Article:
Java Reference
In-Depth Information
In chapter 4 we discussed how to write simple static SQL . Static SQL only requires
that values be assigned via the property ( #...# ) or literal ( $...$ ) syntax. Although
most of the SQL you will write in iBATIS will likely be static, there are several occa-
sions where it will not remain that simple. For example, you will quickly run into
more involved scenarios where you need to iterate over a list of values for an IN state-
ment, provide users with the ability to determine which columns will be displayed,
or simply have a changing WHERE criterion based on your parameter object's state.
iBATIS provides a set of dynamic SQL tags that can be used within mapped state-
ments to enhance the reusability and flexibility of the SQL .
In this chapter we'll provide you with an understanding of what Dynamic SQL
is, its usefulness, and when best to use it. We'll also give you some comparative
context regarding other solutions you may use for dealing with Dynamic SQL
requirements. In the end you should have a strong understanding of how to add
Dynamic SQL to your arsenal of problem-solving techniques.
Before we examine dynamic tags in detail, let's demonstrate their value by
jumping right into an example of one of the most common situations where you
will need Dynamic SQL : the WHERE clause.
8.1 Dealing with Dynamic WHERE clause criteria
In the following example we are querying a table named
Category from our shopping cart application. The table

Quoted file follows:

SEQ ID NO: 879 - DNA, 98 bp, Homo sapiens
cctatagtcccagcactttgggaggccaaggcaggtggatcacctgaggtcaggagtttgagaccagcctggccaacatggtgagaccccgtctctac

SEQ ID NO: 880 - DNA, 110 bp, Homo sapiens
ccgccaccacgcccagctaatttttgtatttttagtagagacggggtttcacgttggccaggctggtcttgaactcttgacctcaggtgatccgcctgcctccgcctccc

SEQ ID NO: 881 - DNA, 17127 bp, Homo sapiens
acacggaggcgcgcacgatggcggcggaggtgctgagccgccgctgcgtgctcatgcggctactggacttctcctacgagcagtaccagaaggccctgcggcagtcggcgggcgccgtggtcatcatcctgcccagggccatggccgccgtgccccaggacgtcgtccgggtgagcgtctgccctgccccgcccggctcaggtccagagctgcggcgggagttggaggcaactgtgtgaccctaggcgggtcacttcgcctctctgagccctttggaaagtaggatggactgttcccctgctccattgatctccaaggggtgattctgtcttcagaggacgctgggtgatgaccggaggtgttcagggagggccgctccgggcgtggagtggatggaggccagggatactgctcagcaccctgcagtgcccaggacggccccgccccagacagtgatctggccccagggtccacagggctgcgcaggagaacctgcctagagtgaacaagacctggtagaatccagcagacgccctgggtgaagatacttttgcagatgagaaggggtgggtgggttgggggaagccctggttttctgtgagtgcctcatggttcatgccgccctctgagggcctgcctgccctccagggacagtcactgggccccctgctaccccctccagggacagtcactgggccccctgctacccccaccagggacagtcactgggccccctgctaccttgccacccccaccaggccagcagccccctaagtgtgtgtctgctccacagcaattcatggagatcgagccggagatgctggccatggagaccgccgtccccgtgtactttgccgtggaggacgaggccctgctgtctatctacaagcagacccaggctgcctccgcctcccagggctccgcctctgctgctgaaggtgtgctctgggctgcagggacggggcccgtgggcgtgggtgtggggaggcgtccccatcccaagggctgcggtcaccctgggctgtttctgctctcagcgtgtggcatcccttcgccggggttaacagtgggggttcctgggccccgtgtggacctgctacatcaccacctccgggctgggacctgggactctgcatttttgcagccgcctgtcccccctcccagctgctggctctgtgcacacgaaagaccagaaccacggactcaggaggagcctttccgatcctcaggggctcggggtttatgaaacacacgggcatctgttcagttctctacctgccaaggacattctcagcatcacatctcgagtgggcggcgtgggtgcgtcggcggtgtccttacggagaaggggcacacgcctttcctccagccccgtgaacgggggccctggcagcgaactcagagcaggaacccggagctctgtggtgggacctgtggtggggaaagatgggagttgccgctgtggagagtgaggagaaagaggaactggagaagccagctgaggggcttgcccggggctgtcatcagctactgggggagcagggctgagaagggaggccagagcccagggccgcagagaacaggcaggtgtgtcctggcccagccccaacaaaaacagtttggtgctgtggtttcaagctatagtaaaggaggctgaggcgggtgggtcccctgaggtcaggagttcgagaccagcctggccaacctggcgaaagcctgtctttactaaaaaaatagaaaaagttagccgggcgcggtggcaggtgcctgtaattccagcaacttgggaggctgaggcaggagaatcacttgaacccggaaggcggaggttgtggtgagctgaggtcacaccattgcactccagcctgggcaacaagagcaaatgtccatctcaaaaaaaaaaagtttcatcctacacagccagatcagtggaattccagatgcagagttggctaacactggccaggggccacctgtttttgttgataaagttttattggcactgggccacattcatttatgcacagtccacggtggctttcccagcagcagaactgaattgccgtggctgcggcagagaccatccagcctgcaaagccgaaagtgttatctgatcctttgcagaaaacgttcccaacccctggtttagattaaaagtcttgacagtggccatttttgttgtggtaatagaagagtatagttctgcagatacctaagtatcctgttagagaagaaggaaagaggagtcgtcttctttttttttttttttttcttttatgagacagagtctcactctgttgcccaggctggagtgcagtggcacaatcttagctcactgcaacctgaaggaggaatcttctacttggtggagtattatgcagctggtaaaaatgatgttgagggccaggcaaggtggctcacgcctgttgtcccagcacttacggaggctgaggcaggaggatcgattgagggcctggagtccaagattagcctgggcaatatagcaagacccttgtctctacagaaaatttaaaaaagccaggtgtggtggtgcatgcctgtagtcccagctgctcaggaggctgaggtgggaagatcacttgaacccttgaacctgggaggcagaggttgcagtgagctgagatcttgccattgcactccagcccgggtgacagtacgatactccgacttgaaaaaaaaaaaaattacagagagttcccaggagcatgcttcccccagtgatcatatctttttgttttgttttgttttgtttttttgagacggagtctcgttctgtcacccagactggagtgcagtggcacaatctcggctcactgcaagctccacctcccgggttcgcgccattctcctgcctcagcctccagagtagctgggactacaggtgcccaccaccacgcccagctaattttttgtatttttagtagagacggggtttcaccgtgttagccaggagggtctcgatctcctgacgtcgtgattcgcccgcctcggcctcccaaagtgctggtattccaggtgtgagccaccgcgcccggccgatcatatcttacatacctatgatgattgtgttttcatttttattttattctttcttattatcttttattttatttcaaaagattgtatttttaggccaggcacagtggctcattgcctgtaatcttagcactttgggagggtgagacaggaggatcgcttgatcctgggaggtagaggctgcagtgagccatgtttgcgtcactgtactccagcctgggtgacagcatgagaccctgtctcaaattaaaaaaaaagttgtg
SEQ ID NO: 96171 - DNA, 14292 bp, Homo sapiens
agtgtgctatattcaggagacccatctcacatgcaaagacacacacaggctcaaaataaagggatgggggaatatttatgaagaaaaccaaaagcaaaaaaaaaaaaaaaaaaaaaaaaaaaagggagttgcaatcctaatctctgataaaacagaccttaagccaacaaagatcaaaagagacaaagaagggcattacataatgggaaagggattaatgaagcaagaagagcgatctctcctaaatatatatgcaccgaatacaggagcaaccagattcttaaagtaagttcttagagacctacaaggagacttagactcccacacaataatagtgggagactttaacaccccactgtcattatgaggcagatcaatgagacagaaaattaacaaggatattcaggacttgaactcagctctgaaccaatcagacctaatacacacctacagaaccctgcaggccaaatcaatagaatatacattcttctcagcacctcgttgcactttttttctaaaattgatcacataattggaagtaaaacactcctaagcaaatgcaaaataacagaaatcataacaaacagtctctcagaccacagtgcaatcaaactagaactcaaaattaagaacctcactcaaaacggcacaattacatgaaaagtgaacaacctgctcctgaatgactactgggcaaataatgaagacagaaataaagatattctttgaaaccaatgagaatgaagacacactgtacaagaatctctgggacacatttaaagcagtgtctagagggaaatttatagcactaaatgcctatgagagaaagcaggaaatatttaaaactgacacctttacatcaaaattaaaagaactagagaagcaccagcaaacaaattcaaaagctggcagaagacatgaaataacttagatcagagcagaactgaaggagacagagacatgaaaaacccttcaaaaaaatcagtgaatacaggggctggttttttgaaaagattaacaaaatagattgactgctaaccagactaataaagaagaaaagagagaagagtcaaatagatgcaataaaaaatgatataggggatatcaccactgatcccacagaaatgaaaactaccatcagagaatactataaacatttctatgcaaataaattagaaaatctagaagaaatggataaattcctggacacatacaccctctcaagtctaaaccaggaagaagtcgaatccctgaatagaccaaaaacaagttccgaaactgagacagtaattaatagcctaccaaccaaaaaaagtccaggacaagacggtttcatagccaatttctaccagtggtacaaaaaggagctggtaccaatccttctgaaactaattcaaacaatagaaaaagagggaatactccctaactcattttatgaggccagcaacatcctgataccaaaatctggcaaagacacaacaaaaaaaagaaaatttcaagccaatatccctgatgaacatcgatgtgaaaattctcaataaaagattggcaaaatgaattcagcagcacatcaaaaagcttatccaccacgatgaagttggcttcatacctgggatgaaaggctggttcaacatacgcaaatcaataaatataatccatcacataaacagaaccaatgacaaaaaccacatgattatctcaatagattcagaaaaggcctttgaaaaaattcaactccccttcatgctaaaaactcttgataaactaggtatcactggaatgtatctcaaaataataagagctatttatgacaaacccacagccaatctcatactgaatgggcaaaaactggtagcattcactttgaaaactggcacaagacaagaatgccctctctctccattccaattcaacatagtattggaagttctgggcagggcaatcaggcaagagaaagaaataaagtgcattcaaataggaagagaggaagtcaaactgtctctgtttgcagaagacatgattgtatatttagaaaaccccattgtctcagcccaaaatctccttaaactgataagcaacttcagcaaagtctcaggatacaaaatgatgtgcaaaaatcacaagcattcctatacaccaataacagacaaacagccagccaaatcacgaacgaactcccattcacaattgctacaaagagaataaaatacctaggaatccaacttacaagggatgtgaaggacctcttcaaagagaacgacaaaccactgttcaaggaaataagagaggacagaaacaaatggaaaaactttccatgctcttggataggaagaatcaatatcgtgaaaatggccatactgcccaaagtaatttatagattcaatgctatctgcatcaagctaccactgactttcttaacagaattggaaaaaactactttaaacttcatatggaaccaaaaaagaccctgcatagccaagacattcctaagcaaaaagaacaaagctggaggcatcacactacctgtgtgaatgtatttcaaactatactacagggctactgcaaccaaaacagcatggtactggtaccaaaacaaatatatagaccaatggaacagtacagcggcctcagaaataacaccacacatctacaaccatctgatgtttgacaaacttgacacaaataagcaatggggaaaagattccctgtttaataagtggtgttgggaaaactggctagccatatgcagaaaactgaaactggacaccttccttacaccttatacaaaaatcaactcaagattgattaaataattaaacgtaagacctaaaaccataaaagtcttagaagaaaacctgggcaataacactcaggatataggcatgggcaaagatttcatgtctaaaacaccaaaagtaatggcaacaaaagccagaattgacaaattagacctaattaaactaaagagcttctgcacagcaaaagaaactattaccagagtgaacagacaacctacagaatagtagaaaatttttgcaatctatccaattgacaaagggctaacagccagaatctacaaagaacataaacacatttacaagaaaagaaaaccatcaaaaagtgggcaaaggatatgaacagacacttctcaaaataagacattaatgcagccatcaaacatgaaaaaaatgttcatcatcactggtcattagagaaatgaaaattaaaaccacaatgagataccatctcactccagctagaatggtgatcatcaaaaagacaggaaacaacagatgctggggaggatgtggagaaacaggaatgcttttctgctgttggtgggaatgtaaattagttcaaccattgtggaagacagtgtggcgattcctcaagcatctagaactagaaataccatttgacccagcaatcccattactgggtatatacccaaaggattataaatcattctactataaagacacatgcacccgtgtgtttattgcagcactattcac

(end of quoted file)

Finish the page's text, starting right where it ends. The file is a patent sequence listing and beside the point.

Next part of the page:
column parentCategoryId is a self-referencing column. In
other words, parentCategoryId references categoryId in
the same Category table, as shown in figure 8.1.
The requirements are simple. If the parentCategoryId
property of the passed-in Category object is null, then it
means that we want to query all top-level categories. If the
parentCategoryId property has a non-null numeric value,
then that means that we want to query for all child Cate-
gory objects of the parent Category . The parent Category
is indicated by the parentCategoryId value.
In SQL , an equal sign (=) cannot be used to compare
null equalities. The IS keyword is needed to successfully test for equality with a
NULL . Since we want to use the same SQL statement to handle both NULL and
non- NULL comparisons, we will use Dynamic SQL to accomplish this with one
mapped statement. We will use this mapped statement to examine the anatomy of
Dynamic SQL (listing 8.1).
Figure 8.1 Category
table diagram
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